Peter Cochrane writes about pice-cells being the future of mobile communications:
With conventional mobile telephone networks the cells generally span 3 to 25km, which turns out to be adequate for the density of handsets in most city, town and rural locations. But as the number of mobile devices proliferates we will need individual radio cells for the human body, inside the car, room, home, office, building, hotel, campus, street, village, town and so on.
A multitude of small digital radio units costing $50 screwed to the side of every house and office building connected to a PC, hundreds of cars and trucks carrying a similar capability, and every laptop, PC and PDA, all wireless-enabled, will see the emergence of a new form of mobile network. And in a curious, and counterintuitive, twist such networks will also demand more fixed optical fibre to cope with the clustering of people and devices.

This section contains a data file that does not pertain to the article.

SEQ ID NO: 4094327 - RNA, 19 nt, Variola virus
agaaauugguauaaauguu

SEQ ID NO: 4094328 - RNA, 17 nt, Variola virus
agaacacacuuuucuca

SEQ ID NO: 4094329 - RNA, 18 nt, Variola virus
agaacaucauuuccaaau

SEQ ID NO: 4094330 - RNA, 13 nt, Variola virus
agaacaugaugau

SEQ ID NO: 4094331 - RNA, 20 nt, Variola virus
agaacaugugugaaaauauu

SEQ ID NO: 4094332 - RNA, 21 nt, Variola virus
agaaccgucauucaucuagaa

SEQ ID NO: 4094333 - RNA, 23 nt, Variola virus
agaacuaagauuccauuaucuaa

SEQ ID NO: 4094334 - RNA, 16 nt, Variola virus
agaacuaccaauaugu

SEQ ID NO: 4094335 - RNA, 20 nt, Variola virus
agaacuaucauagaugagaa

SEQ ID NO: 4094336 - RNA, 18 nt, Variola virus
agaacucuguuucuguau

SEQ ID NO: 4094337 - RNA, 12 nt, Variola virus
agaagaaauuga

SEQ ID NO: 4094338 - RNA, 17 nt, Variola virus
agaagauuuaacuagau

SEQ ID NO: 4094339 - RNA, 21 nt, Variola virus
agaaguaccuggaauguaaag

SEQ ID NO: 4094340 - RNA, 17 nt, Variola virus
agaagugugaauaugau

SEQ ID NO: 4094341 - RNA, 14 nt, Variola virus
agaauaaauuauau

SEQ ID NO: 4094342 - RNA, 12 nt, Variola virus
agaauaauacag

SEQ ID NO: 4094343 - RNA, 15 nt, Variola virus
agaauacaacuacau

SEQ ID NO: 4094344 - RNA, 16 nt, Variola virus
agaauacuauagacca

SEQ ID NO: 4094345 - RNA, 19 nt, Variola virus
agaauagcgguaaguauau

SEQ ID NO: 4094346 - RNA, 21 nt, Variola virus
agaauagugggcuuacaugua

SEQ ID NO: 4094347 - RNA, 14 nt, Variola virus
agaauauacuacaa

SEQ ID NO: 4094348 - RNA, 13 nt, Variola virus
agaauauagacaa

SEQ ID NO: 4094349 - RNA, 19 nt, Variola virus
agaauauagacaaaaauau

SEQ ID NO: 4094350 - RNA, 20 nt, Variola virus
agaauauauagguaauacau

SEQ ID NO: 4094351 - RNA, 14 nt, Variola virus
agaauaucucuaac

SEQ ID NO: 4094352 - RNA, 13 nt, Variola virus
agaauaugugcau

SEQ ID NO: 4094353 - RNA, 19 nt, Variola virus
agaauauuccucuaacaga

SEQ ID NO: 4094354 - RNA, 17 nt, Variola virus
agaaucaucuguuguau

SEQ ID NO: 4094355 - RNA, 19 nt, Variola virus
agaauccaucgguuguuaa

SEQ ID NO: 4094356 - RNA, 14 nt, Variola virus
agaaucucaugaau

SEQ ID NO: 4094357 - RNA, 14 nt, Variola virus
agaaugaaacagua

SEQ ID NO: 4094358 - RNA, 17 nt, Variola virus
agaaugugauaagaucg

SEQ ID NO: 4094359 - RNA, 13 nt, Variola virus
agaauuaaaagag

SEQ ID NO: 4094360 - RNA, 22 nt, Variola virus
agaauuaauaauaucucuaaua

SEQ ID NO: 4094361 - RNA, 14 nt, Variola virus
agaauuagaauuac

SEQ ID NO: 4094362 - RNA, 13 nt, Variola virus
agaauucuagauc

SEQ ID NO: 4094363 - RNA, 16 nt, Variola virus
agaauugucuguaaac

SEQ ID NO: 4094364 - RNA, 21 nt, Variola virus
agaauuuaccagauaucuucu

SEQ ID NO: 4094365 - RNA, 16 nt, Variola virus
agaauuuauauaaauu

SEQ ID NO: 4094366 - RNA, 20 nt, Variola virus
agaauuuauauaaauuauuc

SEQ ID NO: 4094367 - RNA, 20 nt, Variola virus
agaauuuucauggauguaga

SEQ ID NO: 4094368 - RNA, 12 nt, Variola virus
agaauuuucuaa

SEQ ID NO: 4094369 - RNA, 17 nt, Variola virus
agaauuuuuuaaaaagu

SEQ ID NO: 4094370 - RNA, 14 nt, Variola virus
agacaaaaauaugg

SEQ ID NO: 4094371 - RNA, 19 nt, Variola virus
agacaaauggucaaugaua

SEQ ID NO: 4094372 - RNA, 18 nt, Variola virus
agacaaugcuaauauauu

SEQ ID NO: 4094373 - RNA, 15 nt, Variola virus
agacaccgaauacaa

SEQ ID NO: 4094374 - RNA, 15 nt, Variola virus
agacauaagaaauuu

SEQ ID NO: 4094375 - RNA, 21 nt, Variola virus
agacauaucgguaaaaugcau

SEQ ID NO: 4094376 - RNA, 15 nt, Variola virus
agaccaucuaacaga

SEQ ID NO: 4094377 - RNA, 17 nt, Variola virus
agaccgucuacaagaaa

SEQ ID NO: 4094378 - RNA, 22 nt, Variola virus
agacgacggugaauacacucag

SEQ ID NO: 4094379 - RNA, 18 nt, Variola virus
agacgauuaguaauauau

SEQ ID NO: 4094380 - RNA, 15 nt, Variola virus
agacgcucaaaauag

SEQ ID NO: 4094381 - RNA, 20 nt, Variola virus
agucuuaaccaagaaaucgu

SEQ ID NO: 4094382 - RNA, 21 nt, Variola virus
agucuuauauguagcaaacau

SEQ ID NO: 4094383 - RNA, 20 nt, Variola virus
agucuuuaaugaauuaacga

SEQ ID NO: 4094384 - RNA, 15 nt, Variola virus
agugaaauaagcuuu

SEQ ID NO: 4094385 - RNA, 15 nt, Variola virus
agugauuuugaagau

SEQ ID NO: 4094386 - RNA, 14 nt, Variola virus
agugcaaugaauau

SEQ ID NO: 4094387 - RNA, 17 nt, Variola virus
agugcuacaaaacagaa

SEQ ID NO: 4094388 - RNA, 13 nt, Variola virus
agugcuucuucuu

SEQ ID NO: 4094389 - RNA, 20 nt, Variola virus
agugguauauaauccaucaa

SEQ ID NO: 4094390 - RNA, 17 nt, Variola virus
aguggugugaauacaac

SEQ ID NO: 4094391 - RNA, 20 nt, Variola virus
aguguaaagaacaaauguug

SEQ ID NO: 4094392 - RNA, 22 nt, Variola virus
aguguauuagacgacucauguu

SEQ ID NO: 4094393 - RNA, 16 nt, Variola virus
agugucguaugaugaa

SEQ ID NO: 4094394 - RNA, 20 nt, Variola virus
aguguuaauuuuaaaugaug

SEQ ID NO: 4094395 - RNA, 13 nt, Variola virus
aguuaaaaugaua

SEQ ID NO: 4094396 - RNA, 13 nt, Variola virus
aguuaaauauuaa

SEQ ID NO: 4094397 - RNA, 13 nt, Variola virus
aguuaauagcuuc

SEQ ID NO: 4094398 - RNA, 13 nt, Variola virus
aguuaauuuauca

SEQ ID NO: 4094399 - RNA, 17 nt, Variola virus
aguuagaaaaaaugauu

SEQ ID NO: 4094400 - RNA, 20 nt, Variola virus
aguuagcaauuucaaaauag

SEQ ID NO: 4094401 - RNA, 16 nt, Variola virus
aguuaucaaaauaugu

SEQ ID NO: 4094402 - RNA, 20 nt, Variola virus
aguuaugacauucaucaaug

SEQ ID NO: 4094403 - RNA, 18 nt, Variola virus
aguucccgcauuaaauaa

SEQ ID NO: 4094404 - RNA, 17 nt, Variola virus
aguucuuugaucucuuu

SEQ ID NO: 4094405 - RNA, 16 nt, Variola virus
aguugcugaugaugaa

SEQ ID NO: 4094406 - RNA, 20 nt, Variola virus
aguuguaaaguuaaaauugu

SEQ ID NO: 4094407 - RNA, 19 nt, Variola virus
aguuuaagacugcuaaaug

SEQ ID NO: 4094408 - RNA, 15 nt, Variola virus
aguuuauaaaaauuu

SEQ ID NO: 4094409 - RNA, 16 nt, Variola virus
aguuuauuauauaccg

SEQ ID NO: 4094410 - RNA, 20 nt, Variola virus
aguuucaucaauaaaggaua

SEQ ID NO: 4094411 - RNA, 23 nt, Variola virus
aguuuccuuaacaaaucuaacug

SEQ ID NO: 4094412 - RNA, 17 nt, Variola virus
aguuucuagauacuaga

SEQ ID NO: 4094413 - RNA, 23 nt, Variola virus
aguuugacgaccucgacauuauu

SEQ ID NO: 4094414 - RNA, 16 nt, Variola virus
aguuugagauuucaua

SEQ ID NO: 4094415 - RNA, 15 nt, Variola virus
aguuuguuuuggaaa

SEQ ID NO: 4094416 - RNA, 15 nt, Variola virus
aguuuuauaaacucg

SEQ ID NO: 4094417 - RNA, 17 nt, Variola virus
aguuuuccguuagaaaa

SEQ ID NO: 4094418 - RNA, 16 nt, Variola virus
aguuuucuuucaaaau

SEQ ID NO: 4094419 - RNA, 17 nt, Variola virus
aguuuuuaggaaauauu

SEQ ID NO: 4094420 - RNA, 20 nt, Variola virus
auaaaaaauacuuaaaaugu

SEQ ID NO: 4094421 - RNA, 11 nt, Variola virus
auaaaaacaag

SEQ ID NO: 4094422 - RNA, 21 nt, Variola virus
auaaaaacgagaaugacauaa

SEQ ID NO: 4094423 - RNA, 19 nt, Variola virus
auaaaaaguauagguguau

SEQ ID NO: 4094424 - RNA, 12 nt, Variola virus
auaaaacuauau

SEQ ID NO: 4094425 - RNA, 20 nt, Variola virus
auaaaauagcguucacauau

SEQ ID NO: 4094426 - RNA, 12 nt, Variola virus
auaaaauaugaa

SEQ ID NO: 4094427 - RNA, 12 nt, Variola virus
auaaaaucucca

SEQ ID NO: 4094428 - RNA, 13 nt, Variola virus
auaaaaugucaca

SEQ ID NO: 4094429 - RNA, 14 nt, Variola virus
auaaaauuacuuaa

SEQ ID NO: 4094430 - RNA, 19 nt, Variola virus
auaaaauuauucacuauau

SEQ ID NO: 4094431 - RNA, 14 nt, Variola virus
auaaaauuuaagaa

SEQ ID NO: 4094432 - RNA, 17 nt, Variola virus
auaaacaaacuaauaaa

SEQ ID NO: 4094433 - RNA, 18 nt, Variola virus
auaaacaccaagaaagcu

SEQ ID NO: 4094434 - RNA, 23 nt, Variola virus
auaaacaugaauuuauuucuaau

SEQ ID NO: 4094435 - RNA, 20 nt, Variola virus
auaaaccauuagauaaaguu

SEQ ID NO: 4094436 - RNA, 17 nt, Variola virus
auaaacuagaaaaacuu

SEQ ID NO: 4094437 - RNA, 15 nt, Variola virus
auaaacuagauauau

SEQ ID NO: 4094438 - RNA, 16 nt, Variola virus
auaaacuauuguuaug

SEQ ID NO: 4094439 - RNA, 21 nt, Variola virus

What is required to achieve all of this? Only the allocation of spare frequency space, power limiting specifications to keep radio operation safe and interference free, and some really smart self-organising software.
Most of this technology is either available to buy today or currently under trial. Data rates in excess of 11Mbps look increasingly likely and the overall throughput surprisingly increases with the addition of more and more moving elements. As one community after another powers up, such networks will grow across complete geographic regions and an internet without the need for any formal network authority will be with us. Every few hours each element can check to see if it is still optimised relative to the overall net growth and in the event of an individual unit failing, traffic will automatically re-route and the net reconfigure to take account of the missing node.